What is General Aviation

What is General Aviation

The term General Aviation often is misinterpreted in public as well as in media and politics as "aviation in general". But even where the term is known to be a defined part of aviation, most conjure up a mental image of a small single-engine piston-powered aircraft, operating for recreation out of a small rural aerodrome. This image is correct for only about one-quarter of worldwide general aviation and aerial work activities whereby private travel for whatever reasons other than business, is considered as "recreational" even though family affaires, as an example, can hardly be considered as that.

The other three-quarters of the roughly 40 million annual GA/AW flight hours are occupied with flight instruction, business travel, agricultural application, emergency medical services and other gainful pursuits. In fact, the diversity of GA/AW is so great that ICAO defines general aviation operation by exception: those flight activities not involving commercial air transportation or aerial work. Similarly, aerial work, for remuneration or for own use, may only be generally defined as operations used for specialized services such as agriculture, construction, photography, surveying, observation and patrol, search and rescue, aerial development, etc. (ICAO Annex 6, Operation of Aircraft, Definitions). In short, one could say, the primary mission of a flight is not to carry regular passengers or cargo from A to B.

Essential services provided to the public by GA/AW for police, emergency medical services and search and rescue make all of our lives safer and more productive. Aerial survey, agricultural application and pipeline/powerline patrol add significantly to many aspects of the economy. And, for the many remote areas of the world, life and civilization would not be possible without the benefits provided by GA/AW operations.

GA/AW activities globally create hundreds of thousands of jobs and tens of billions of dollars for the countries these activities serve. Without this activity essential transportation functions would be eliminated and the opportunities associated with them would be lost to the economies they potentially serve. Therefore, GA/AW needs and desires should be taken seriously as a worldwide economic engine.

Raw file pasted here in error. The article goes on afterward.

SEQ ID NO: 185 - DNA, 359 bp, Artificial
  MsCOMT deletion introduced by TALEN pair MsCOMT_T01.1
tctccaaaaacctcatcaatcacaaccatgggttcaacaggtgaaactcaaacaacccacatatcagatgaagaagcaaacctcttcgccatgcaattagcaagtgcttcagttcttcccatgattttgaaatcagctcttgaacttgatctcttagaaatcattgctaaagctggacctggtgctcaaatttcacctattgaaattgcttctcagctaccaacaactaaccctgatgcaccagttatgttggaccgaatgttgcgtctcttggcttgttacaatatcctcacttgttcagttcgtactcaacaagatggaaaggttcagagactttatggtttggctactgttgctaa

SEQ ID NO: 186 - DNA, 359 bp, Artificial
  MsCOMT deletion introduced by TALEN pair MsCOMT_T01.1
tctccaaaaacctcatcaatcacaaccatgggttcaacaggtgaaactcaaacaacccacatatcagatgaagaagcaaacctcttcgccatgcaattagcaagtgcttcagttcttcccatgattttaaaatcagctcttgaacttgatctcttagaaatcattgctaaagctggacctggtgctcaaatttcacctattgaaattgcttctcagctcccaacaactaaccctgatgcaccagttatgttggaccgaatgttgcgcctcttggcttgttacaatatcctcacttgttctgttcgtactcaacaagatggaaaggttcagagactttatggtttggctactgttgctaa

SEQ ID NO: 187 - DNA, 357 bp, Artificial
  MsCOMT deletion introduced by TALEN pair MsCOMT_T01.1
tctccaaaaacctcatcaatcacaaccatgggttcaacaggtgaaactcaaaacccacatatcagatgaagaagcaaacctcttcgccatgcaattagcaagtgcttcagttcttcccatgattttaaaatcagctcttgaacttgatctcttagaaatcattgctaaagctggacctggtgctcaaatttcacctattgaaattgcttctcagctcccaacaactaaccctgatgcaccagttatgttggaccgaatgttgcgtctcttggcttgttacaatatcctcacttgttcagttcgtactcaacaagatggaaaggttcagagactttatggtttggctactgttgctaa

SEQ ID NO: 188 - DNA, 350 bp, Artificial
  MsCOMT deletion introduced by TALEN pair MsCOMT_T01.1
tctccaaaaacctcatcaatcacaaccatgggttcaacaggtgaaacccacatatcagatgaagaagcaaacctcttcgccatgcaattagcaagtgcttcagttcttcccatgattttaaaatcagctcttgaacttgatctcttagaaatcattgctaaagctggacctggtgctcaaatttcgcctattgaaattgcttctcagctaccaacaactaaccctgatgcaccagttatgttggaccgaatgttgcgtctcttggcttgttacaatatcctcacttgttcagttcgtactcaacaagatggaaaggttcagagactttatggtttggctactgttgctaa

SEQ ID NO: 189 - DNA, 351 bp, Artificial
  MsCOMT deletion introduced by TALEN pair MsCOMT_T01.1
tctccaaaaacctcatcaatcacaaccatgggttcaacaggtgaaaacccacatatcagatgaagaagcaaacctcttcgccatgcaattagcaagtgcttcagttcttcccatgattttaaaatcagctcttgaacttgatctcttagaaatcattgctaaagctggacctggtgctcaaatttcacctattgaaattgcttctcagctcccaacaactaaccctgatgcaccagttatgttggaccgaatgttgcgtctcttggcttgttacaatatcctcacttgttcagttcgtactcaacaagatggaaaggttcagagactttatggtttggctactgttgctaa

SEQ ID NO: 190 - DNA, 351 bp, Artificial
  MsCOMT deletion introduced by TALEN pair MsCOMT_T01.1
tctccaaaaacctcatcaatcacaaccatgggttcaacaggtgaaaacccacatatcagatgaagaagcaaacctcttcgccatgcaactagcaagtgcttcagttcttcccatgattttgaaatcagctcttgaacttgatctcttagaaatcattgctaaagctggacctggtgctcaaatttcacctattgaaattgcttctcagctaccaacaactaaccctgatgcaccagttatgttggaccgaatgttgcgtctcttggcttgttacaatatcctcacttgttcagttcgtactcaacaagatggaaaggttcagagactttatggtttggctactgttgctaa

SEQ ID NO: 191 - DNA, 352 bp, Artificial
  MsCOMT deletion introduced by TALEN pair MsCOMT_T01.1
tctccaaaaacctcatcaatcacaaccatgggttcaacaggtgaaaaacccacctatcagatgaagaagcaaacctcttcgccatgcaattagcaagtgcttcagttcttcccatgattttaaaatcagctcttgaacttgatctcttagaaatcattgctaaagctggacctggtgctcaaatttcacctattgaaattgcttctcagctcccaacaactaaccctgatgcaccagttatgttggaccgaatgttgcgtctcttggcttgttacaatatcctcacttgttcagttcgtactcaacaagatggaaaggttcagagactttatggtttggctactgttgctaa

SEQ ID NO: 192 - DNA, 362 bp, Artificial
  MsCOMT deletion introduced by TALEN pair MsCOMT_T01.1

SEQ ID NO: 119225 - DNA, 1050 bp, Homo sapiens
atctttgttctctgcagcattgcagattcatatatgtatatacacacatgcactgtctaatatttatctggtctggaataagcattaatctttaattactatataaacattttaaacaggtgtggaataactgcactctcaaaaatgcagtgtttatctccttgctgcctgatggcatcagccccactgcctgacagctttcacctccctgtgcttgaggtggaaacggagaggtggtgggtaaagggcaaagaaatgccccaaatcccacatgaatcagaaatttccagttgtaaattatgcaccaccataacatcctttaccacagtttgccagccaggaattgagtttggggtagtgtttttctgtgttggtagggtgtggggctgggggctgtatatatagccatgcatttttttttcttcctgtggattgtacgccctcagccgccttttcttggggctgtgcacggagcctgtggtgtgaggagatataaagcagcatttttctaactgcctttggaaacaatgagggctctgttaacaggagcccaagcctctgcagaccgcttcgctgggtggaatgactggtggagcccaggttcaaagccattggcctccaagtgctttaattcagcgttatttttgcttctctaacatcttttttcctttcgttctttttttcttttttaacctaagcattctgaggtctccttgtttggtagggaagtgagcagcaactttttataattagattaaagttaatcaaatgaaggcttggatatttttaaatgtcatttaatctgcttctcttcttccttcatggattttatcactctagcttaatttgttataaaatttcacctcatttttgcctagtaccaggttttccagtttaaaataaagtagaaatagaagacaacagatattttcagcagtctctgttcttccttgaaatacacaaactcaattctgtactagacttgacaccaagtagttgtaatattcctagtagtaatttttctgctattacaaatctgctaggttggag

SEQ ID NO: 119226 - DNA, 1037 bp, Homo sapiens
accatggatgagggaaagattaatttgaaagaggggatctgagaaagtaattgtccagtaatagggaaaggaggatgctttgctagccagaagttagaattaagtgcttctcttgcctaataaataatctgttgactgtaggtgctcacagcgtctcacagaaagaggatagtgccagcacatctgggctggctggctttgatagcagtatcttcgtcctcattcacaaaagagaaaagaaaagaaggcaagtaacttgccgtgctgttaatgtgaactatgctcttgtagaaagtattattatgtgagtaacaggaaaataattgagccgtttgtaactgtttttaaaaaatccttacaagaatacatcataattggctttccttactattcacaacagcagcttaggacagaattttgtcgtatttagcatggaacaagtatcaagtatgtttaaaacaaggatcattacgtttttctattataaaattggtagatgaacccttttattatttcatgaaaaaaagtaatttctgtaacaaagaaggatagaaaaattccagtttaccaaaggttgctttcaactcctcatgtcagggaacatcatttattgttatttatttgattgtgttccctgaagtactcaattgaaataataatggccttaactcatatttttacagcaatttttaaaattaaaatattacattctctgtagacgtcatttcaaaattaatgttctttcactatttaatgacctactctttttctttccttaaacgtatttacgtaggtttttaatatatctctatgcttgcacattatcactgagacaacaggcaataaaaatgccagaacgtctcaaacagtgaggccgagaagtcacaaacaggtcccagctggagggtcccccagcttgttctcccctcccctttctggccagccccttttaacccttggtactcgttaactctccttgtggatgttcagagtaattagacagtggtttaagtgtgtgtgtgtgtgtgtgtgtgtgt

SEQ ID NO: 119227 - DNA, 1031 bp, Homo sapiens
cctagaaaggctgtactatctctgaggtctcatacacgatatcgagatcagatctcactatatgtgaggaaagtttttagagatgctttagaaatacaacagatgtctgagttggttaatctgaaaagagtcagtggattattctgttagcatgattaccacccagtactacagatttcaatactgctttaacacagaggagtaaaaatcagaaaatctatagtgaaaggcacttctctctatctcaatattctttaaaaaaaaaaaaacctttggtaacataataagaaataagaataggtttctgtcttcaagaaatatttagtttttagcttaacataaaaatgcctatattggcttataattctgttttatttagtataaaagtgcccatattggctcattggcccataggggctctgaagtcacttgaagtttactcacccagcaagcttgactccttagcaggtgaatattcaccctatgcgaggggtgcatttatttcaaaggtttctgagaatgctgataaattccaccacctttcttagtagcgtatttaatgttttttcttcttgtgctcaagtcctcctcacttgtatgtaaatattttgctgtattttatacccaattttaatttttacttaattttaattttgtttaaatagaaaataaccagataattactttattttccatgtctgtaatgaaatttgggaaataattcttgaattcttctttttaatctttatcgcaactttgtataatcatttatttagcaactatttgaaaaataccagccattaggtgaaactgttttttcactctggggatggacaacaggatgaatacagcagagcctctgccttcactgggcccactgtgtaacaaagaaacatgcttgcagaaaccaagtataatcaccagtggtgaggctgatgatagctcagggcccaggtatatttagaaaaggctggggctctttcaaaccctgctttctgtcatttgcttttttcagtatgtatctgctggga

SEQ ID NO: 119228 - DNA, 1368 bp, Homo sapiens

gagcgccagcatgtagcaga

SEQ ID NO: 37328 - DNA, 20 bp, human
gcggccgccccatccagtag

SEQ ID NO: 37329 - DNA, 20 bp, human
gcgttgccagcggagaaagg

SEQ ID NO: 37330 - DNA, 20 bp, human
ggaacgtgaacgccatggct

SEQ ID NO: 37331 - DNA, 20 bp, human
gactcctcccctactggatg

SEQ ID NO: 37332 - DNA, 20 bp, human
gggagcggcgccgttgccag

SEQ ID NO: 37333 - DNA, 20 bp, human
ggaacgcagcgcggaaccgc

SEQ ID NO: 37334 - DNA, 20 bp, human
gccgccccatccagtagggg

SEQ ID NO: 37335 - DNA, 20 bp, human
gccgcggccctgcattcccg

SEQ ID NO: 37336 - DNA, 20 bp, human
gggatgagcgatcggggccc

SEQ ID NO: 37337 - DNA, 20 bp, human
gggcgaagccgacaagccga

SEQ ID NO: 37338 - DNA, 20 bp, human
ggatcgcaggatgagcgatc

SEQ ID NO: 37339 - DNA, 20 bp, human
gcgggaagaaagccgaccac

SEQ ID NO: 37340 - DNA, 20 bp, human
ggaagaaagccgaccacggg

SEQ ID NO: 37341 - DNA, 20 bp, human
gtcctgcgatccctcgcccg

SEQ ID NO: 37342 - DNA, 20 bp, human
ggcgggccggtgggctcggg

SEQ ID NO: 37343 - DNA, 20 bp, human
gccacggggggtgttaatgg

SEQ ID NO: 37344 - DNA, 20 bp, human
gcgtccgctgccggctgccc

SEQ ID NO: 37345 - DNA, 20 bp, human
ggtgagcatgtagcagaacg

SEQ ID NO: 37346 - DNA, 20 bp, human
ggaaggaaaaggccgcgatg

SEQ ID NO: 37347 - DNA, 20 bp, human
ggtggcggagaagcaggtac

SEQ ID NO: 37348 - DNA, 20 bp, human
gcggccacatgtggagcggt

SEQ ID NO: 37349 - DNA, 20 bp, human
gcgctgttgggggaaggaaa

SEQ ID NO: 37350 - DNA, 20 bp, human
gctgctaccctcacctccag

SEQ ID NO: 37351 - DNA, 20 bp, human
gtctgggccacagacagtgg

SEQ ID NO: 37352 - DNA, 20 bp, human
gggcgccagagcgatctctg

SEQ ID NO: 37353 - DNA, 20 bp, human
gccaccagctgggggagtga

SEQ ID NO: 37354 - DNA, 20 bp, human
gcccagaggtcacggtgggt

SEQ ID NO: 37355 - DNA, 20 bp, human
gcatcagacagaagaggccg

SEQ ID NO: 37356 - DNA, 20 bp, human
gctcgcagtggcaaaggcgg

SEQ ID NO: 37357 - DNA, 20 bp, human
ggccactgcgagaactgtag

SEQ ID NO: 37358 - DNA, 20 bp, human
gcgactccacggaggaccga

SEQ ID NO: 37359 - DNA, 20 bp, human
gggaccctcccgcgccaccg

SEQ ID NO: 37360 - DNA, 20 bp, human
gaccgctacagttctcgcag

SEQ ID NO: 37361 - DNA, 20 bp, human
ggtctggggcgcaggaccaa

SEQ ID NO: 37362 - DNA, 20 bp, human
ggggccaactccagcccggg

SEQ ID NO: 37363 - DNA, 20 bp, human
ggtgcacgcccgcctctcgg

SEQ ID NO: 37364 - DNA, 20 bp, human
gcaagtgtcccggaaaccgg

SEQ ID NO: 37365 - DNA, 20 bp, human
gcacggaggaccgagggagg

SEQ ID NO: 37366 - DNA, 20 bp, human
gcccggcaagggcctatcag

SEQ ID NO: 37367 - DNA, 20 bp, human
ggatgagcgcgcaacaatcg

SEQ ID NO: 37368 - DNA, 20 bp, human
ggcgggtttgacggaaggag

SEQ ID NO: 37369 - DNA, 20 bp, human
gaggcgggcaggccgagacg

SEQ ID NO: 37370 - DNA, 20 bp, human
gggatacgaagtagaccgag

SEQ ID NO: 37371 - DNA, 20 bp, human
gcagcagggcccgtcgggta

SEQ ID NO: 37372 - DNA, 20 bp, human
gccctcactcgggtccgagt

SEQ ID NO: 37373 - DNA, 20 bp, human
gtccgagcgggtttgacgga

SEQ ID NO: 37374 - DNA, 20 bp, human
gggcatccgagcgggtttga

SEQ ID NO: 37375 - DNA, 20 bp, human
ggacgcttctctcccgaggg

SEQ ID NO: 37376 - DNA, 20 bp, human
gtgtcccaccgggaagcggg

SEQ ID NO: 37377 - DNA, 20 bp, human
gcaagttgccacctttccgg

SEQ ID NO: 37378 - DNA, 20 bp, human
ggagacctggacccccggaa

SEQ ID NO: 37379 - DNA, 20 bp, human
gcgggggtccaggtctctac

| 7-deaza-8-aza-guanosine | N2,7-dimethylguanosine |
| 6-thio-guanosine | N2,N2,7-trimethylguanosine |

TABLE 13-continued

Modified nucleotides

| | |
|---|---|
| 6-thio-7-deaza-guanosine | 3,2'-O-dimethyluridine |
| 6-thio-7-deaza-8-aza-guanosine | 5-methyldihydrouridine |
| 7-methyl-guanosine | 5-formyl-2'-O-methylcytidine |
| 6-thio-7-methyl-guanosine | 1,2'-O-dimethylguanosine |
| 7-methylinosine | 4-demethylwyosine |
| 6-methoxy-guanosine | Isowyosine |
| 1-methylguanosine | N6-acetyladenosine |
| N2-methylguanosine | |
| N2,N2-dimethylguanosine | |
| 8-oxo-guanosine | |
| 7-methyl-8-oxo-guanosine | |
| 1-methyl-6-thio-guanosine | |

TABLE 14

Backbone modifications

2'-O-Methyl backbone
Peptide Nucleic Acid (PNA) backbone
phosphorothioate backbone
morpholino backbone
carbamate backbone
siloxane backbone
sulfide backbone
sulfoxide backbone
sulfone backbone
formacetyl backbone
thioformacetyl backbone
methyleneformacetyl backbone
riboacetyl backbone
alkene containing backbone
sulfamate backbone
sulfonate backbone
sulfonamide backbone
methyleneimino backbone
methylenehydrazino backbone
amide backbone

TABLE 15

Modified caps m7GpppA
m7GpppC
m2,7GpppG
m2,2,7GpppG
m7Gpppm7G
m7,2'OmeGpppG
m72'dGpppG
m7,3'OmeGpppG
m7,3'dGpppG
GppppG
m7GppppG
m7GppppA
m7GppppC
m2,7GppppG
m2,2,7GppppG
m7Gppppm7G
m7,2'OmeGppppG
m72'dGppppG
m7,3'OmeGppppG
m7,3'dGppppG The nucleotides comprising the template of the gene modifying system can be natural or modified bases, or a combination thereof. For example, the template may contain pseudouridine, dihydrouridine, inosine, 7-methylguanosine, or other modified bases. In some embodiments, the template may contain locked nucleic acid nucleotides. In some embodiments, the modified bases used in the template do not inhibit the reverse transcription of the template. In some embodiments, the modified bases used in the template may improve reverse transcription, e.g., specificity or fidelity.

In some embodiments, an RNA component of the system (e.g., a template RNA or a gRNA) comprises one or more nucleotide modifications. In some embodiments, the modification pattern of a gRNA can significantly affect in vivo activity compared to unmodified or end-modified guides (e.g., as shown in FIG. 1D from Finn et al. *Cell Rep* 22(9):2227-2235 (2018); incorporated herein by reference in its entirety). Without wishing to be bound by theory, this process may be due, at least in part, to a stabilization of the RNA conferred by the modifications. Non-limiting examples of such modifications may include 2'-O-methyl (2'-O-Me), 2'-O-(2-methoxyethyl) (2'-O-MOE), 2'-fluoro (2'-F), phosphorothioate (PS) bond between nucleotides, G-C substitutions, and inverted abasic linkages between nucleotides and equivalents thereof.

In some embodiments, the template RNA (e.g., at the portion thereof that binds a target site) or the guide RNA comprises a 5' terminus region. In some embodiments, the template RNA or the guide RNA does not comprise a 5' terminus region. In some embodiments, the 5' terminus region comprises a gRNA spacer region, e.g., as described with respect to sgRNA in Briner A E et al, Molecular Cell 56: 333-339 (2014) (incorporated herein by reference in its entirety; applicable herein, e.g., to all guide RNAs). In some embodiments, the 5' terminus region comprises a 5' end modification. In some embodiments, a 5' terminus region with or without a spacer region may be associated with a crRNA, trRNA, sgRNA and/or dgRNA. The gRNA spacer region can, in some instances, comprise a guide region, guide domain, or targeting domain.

In sheer numbers GA/AW is impressive: Approximately 350,000 aircraft and 700,000 pilots are involved in these activities worldwide. On balance, roughly 60,000 aircraft and 400,000 pilots are employed in commercial air transportation (including cargo and charter).

The significance of GA/AW becomes greater when it is realized that every airline and military pilot must begin their journey to professional competence in the cockpit of a general aviation aircraft.

Aeronautical advancements enabled GA/AW to become an all-weather, utilitarian form of transportation and gave rise to an increasing number of business ventures built around light aircraft operations. GA/AW had finally arrived as a desirable alternative to airline travel now fraught with delays, cancellations and poor service.

Larger and developing countries have reaped the greatest benefits from GA/AW because of their dependence on a small aircraft's ability to rapidly access remote or lightly traveled areas. Yet, smaller, well-established countries also benefit from the efficiencies and flexibility arising from GA/AW activities. All gain from the public safety and utilitarian aspects provided by small aircraft.

Sharing the System

The world's aviation infrastructure was put into place principally to support the airlines and military aviation. GA/AW requires very little unique infrastructure and is a minority user of those facilities and services provided for larger commercial activities. The single exception to this statement is that through smaller local and regional airports general aviation derives its greatest advantage.

But, if GA/AW operations are to take advantage of their unique utility and flexibility they must occasionally use metropolitan area airports. In doing so they share the increasingly scarce resources of available runways and overlying airspace. The complexity of operations in these areas also requires a variety of expensive equipment to be installed in all aircraft, not just airliners. The combination of scarce runways and airspace combine with expensive equipment to create access barriers for GA/AW.

In reality, the special performance characteristics of GA/AW aircraft and their ability to stay beneath tightly controlled airspace allow these aircraft to avoid constraints imposed on larger, higher performance aircraft. For instance, most general aviation aircraft can easily operate out of a 1,000 by 15 meter runway, one-tenth the area required by airliners. And, by staying low and within carefully designed corridors expensive surveillance and navigation equipment may be omitted from small aircraft. In essence, GA/AW operates at the margins of an infrastructure designed specifically for the airlines. The smaller aircraft take advantage of the unused capacity of the larger system, effectively increasing the overall efficiency of a complex infrastructure.